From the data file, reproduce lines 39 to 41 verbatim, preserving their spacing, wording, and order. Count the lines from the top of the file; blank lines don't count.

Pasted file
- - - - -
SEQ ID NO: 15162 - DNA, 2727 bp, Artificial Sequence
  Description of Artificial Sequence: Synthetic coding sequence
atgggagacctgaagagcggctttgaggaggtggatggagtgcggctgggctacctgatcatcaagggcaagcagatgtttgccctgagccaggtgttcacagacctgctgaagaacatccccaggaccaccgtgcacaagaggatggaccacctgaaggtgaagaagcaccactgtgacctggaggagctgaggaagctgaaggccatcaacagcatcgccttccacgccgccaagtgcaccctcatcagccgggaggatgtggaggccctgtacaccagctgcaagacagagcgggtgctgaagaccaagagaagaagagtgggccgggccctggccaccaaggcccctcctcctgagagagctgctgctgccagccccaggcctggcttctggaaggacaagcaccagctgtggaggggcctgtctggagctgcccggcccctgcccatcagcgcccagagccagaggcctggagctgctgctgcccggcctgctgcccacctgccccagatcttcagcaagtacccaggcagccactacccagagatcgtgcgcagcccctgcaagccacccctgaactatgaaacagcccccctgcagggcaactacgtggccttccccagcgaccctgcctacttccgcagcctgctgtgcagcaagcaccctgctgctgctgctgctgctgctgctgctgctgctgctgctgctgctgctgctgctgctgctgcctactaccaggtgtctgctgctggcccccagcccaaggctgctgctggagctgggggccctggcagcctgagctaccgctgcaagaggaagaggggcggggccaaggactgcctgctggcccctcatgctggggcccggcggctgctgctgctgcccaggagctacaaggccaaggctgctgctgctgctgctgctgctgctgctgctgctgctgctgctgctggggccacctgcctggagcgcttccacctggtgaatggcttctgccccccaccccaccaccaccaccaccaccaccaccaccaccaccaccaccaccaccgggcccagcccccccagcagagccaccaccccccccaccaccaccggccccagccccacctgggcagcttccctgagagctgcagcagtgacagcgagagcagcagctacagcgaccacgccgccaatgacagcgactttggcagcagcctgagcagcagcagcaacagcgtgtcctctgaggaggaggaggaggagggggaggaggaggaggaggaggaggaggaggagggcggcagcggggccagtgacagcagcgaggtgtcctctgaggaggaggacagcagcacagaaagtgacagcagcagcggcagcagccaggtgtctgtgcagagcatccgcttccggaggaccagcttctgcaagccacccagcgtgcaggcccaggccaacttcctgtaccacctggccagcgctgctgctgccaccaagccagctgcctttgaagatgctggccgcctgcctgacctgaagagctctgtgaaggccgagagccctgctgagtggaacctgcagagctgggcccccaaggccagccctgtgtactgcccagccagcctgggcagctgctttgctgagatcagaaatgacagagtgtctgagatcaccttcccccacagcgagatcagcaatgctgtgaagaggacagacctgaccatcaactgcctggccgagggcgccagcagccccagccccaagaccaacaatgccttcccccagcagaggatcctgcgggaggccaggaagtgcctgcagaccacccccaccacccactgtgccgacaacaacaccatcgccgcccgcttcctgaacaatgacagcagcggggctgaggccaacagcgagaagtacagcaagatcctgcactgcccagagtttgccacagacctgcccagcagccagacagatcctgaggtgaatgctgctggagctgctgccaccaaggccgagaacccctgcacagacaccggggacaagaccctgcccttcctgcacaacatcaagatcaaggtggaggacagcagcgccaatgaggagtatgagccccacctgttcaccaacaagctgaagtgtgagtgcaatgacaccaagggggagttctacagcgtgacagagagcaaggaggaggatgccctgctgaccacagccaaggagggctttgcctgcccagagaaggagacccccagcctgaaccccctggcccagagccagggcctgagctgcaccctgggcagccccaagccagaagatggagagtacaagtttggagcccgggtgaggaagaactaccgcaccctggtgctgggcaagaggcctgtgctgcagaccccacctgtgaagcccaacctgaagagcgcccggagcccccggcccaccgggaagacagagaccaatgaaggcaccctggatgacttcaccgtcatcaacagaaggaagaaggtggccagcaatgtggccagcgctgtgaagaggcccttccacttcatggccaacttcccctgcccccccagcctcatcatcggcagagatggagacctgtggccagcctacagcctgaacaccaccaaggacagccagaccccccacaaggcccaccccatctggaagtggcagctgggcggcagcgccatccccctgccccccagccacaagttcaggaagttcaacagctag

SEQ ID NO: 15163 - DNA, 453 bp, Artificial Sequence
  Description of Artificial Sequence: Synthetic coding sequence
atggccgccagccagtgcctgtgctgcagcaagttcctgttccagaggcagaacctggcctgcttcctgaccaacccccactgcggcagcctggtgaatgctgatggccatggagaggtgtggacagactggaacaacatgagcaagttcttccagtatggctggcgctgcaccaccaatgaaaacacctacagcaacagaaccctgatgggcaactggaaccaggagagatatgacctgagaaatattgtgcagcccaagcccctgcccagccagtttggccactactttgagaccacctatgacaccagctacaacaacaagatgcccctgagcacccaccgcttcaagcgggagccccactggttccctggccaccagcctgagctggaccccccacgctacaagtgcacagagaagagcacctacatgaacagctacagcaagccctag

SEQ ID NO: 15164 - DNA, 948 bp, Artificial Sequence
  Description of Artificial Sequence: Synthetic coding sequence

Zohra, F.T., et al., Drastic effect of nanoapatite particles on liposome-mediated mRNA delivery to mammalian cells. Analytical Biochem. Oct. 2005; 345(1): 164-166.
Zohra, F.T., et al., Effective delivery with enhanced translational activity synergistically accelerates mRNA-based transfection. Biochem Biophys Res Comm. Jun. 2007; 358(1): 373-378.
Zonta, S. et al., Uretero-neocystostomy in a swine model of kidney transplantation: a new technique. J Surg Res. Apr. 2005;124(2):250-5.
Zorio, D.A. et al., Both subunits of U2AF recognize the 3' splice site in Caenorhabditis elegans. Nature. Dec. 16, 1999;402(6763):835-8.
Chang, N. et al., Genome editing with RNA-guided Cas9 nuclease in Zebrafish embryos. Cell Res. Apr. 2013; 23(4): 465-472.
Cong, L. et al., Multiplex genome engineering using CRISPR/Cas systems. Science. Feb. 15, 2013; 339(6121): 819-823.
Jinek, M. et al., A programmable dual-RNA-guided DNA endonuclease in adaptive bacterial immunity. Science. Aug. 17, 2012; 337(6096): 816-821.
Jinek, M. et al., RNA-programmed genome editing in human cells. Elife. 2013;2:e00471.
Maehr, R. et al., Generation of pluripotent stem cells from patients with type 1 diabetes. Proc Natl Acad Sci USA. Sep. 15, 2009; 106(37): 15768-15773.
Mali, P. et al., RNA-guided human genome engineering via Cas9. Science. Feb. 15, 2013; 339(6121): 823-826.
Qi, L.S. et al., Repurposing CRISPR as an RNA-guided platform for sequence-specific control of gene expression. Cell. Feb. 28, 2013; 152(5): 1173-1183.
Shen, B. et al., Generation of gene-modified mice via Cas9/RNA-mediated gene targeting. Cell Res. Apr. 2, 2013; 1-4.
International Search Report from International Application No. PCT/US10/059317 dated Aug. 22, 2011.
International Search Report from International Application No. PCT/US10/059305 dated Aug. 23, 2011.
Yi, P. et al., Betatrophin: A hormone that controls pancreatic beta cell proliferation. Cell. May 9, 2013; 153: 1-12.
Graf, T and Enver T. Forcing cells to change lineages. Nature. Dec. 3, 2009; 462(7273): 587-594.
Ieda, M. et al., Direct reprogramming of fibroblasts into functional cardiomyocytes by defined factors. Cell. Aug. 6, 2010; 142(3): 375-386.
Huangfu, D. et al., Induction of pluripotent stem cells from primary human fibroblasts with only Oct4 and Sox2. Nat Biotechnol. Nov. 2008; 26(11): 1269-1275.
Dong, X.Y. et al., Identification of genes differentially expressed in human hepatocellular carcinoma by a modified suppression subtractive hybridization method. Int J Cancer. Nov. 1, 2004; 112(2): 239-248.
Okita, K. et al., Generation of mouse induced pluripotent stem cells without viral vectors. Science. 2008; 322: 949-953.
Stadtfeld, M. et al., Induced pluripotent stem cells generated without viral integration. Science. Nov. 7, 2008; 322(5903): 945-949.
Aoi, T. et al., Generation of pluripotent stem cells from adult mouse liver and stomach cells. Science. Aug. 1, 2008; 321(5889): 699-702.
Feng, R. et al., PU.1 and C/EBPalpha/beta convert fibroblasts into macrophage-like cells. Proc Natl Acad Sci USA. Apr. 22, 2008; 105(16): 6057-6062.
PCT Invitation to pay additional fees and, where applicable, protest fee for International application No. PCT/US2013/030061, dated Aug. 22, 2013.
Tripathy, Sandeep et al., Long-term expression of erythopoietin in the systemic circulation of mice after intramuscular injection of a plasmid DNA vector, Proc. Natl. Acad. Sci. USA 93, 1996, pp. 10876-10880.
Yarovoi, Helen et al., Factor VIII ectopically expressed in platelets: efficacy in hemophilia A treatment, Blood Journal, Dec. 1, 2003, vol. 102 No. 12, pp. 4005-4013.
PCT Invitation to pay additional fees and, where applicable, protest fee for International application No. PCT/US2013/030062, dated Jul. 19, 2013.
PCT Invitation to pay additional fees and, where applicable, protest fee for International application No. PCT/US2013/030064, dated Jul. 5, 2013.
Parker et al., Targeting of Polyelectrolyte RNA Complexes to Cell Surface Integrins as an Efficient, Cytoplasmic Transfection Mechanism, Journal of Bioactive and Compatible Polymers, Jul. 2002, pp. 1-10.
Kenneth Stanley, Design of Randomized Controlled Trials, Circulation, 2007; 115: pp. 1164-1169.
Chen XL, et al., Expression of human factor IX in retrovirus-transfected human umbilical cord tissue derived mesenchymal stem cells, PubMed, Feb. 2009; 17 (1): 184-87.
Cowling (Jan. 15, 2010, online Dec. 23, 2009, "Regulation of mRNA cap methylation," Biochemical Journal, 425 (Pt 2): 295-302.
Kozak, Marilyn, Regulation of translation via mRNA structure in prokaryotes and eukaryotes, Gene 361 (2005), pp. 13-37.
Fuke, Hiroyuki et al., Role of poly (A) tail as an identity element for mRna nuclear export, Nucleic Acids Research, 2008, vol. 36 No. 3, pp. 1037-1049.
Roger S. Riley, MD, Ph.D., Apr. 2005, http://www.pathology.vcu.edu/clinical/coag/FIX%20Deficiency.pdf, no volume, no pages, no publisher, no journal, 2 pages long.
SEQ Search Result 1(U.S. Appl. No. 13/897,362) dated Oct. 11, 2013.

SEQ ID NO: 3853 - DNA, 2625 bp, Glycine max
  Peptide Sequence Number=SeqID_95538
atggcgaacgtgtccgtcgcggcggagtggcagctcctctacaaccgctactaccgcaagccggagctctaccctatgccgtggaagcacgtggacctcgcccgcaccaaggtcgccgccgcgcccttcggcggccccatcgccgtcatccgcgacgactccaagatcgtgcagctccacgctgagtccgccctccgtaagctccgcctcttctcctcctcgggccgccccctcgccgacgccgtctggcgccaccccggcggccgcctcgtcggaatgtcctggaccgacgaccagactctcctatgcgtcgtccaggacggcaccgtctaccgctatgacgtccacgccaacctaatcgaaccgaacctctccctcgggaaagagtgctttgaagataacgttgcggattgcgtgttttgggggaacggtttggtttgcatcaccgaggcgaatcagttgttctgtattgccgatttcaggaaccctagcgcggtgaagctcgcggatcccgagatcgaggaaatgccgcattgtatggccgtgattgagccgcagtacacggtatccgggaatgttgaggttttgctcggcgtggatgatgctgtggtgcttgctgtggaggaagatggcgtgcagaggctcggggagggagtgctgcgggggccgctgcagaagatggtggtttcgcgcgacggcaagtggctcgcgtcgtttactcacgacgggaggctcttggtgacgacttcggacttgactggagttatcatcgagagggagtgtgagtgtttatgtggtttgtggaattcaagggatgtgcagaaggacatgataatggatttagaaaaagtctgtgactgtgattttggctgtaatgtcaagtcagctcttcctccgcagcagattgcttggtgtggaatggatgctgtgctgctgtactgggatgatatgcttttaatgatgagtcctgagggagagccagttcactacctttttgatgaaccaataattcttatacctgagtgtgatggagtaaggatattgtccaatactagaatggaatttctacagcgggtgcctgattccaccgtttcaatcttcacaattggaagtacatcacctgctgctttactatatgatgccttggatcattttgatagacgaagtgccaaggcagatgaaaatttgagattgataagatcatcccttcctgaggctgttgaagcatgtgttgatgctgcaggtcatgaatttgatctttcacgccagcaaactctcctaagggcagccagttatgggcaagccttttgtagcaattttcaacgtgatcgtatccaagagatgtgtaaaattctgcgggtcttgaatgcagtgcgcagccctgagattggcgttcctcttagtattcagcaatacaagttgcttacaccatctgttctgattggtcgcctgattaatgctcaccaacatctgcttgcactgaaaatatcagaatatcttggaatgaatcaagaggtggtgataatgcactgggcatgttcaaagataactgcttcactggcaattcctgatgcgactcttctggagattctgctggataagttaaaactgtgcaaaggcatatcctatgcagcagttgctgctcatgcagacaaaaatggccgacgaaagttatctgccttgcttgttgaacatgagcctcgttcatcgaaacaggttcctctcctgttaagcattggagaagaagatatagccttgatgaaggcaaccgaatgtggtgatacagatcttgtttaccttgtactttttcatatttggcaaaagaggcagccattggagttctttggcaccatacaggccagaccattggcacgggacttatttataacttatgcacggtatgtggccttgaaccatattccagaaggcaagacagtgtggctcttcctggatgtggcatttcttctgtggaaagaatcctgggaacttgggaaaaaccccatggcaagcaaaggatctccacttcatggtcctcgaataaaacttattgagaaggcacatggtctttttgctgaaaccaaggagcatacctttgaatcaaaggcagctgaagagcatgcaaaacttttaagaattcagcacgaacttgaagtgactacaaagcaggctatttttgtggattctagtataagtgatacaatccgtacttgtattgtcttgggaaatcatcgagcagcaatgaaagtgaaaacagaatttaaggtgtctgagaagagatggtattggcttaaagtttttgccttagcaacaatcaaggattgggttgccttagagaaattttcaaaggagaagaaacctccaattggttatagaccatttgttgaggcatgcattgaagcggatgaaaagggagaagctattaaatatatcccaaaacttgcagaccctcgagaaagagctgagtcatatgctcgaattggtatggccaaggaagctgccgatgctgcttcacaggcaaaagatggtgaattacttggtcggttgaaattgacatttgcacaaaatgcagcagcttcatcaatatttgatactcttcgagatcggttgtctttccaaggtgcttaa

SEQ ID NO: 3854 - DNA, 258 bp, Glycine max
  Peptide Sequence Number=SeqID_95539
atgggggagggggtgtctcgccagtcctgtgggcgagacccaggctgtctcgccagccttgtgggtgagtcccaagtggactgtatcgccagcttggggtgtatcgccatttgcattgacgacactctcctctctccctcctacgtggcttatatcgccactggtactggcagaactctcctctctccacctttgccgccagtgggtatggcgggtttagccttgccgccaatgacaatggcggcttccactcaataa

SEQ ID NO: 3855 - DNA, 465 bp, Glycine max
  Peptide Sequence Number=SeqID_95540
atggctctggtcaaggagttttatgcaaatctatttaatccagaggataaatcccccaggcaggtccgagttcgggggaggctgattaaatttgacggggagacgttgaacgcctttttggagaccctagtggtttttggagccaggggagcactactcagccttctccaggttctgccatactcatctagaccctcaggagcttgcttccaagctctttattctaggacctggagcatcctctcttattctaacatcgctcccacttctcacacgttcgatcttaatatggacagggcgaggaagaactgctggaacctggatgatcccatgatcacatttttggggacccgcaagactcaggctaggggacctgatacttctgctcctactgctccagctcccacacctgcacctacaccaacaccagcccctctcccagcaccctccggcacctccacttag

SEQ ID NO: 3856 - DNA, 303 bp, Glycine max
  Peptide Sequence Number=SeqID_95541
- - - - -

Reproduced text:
Chen XL, et al., Expression of human factor IX in retrovirus-transfected human umbilical cord tissue derived mesenchymal stem cells, PubMed, Feb. 2009; 17 (1): 184-87.
Cowling (Jan. 15, 2010, online Dec. 23, 2009, "Regulation of mRNA cap methylation," Biochemical Journal, 425 (Pt 2): 295-302.
Kozak, Marilyn, Regulation of translation via mRNA structure in prokaryotes and eukaryotes, Gene 361 (2005), pp. 13-37.